When I wrote about developing Clojure in Vim for the first time, I was still early in my journey. For years, I’d only been able to tinker with Clojure in my free time and I was never able to really use it for anything large. Well, now I’m 5 or so months into using it full time and I’m really enjoying the development experience. So I thought I’d update my previous post with what my Vim configuration looks like now.
In my new job, I’ve switched each project being a unique combination of git repositories1 to all projects being in just a few repositories. For instance, my primary codebase consists of two repositories, one for the frontend and one for the backend. As time progresses, I work on multiple (mostly) independent projects in each repo, each one on its own branch. Each project requires a different constellation of files, sometimes organized in radically different ways in my Vim tabs.
When I wrote about tmux for the first time, I was just getting into the idea of nesting sessions. I ran a local tmux session that wrapped remote tmux sessions for more than a year before I switched it up again. I added another level. Background I originally started nesting tmux sessions so that I wouldn’t have to use tabs in Terminal to keep track of different remote tmux sessions. This allowed me to connect to my work machine from home and get my entire working session instantly.
I’ve been experimenting with Clojure lately. A few of my coworkers had begun the discovery process as well, so I suggested that we have a weekly show-and-tell, because a little accountability and audience can turn wishes into action. Naturally, I looked around for plug-ins that would be of use in my editor of choice. Here’s what I have installed: vim-clojure-static - Syntax highlighting and indentation vim-fireplace - Slick repl integration and hot code reload rainbow_parentheses.
Since I work on remote systems all the time, I use SCP repeatedly to transfer files around. One of the more cumbersome tasks is specifying the remote file or directory location. So I wrote a helper script to make it easier. It’s called scptarget, and it generates targets for SCP, either the source or the destination. For instance, if I want to copy a file down from a remote server, I run scptarget like this and copy the output:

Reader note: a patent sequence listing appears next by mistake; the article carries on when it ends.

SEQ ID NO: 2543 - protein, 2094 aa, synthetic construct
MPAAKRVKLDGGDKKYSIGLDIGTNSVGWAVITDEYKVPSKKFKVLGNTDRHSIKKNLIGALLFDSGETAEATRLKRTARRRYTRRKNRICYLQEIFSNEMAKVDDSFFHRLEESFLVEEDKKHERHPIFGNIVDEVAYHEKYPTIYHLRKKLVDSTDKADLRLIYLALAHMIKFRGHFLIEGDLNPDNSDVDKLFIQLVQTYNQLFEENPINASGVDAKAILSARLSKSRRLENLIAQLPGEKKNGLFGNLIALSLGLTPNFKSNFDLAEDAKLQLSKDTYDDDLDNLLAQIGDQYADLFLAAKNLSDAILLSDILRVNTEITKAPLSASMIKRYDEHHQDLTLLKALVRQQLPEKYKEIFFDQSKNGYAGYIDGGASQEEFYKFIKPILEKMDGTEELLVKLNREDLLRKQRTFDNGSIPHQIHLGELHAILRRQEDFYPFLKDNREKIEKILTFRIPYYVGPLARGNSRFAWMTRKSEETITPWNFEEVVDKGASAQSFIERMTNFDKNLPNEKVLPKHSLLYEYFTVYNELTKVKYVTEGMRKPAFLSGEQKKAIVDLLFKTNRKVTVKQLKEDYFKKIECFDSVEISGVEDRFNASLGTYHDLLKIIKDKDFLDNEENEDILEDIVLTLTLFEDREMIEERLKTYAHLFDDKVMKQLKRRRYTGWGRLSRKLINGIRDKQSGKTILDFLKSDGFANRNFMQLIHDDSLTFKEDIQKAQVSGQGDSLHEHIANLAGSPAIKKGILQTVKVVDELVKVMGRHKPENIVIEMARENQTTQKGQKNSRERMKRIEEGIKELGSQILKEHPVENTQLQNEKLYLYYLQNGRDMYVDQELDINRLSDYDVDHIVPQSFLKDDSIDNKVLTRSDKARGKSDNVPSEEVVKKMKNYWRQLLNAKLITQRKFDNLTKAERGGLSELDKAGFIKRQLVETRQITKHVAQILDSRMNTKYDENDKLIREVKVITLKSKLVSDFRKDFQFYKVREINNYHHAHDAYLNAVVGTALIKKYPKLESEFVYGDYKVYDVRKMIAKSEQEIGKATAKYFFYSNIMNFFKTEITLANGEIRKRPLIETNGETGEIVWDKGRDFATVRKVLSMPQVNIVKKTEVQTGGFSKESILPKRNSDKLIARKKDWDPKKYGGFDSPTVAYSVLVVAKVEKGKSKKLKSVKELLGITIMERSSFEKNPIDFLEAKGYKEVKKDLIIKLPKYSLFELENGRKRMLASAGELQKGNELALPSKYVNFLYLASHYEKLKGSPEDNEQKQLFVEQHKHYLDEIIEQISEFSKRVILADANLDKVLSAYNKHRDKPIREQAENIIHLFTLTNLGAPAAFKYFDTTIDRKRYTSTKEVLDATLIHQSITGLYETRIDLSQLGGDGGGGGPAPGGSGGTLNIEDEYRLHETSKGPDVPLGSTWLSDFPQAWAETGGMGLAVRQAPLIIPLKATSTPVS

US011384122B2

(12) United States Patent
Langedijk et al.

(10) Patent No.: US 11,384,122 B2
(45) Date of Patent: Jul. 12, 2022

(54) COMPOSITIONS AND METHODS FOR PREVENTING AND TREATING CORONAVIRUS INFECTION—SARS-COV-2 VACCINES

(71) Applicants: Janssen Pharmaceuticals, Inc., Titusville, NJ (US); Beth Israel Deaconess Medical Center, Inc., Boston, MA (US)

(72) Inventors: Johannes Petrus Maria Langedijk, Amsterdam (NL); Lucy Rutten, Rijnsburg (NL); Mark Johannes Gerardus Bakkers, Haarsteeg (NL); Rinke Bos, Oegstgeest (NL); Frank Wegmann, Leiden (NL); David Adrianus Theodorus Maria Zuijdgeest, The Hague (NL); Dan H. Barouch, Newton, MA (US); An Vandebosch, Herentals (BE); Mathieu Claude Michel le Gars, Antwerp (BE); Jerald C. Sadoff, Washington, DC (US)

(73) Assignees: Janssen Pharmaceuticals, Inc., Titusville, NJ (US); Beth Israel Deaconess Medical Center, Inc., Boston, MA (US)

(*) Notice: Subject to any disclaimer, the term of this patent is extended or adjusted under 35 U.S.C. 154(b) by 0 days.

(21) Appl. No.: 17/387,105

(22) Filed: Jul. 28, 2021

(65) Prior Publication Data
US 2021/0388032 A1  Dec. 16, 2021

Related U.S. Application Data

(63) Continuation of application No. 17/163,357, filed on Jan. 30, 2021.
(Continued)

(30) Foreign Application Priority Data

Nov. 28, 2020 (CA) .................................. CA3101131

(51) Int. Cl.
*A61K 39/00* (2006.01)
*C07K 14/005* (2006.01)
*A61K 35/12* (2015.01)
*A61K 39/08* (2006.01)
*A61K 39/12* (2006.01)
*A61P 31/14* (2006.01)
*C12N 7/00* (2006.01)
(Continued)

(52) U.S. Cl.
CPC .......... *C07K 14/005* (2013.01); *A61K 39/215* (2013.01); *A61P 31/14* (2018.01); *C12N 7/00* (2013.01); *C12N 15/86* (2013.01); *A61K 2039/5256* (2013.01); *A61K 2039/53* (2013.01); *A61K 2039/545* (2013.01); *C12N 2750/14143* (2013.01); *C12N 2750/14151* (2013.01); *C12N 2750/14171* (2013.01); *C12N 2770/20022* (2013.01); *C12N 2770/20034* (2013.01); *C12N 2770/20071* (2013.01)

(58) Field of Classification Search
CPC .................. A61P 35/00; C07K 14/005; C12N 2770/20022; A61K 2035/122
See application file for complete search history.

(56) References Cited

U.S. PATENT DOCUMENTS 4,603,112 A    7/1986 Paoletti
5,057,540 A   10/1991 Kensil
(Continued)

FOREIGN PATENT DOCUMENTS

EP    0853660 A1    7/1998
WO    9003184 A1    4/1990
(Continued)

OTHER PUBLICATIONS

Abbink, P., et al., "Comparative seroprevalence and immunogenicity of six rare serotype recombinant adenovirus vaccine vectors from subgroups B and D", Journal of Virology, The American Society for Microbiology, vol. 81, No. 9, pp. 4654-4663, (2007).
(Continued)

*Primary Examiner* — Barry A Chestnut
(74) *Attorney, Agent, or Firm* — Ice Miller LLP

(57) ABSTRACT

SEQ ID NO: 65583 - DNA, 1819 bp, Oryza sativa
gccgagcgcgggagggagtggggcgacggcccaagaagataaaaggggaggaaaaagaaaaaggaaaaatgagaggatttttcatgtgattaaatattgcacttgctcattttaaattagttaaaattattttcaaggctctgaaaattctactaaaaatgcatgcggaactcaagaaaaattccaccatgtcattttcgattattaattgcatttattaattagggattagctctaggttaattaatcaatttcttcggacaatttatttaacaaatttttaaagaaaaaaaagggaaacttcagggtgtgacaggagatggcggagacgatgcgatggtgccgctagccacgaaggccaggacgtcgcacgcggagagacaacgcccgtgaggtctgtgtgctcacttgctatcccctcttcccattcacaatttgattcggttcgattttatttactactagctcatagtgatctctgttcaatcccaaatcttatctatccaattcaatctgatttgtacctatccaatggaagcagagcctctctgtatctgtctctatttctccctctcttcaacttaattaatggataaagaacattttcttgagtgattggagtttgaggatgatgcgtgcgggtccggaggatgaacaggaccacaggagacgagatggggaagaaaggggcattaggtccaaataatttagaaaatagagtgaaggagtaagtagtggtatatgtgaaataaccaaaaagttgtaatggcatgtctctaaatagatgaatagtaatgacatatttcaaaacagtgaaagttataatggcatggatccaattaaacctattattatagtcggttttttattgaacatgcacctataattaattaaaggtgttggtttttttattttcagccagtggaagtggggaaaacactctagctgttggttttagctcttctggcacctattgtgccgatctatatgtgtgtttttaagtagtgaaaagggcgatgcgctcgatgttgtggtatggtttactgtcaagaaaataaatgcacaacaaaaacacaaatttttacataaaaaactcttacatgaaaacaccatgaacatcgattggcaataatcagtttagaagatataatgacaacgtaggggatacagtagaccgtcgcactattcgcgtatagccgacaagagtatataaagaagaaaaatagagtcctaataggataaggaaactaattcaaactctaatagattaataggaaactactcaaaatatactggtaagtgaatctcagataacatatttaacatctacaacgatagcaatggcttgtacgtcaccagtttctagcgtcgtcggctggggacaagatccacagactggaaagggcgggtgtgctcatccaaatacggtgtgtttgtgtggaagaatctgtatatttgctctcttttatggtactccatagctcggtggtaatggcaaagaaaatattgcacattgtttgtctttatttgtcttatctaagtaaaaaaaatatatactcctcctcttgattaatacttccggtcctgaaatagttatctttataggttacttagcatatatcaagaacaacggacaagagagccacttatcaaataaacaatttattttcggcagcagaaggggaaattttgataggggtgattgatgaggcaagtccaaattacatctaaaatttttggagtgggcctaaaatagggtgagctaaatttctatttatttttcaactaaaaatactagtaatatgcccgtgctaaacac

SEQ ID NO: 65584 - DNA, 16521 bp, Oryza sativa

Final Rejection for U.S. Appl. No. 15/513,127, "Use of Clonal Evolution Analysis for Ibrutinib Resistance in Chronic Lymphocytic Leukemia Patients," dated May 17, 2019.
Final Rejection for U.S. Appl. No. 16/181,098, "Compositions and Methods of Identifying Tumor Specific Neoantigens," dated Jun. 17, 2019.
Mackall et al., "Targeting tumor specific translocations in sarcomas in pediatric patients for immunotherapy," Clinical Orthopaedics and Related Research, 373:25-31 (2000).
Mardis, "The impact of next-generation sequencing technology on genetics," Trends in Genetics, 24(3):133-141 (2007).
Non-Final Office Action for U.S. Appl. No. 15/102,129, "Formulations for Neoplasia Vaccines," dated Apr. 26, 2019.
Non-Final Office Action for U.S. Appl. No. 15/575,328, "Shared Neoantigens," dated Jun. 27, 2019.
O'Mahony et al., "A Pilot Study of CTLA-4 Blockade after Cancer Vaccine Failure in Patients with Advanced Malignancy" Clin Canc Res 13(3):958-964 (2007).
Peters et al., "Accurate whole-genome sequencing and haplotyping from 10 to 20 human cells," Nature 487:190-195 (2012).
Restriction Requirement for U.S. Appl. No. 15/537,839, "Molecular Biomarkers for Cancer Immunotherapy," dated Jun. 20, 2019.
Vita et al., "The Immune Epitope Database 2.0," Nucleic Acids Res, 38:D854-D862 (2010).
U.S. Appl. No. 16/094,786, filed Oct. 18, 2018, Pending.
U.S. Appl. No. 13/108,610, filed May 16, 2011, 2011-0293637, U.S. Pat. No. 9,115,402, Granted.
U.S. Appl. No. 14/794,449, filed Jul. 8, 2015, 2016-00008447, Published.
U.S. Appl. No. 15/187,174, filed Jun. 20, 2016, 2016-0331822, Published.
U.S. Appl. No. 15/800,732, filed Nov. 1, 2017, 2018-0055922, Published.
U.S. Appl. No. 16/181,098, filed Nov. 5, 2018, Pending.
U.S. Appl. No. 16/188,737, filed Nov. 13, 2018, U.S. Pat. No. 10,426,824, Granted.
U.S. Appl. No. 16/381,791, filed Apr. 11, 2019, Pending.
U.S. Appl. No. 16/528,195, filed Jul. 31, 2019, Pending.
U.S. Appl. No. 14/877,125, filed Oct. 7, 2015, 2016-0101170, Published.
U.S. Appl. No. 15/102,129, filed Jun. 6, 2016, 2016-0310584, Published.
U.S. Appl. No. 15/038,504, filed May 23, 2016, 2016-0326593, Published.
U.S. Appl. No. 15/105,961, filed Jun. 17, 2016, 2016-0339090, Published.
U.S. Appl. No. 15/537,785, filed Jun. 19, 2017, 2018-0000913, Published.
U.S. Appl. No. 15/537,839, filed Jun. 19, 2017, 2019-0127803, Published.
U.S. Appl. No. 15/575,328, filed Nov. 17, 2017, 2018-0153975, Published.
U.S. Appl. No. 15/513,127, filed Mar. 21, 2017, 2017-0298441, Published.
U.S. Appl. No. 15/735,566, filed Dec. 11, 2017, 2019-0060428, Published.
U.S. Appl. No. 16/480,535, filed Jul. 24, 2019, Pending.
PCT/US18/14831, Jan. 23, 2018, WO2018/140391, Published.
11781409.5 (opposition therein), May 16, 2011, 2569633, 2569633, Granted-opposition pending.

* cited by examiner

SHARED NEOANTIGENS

I’ve been using git_backup to back up the websites I run for quite a while now. It works well and I only need to scan the daily cron emails to see if the backup went well or if there were any odd files changed the day before. One thing that I didn’t expect when I started using it was how it would enable developing those websites in a sandbox without any danger of affecting the production instances.
Update: I refined my configuration. See it here. For the longest time, I was a screen user. Then, a little while ago, I discovered tmux, the next generation terminal multiplexer. Not only is it easier to search for on google, it has a rich and consistent configuration language. I’ve figured out a rather unique tmux configuration and I wanted to share it. Background Originally, I just used tmux on remote servers to control several windows.
Problem I copy and paste all the time. Most of the time, I copy short pieces of information that are too long to type (I’m lazy) but too short to setup anything more complex (wget, scp, etc.). For a while, this was fine as most of my copy targets were either local to my system or in a terminal window on a remote server. However, as I increased my use of splits in tmux and windows in vim, highlighting remote text with my mouse became horribly cumbersome.
I have quite a few dotfiles. I have so many that keeping them in sync is impossible with conventional methods. So, I turned to my old friend: version control. For a while, I kept them in subversion at work. This worked well as that was where I spent most of my time. Recently, however, I’ve wanted those same dotfiles to be available at home and other non-work areas. So, I investigated moving them over to a git repository.
I’ve been using git for a while now, and I’m just getting to the point where I can think in it. It’s the same as learning a new spoken language. I took three years of Spanish in high school, so I knew most of the rules and could translate back and forth to English, but I never really learned to think in Spanish (as opposed to thinking in English and then quickly translating).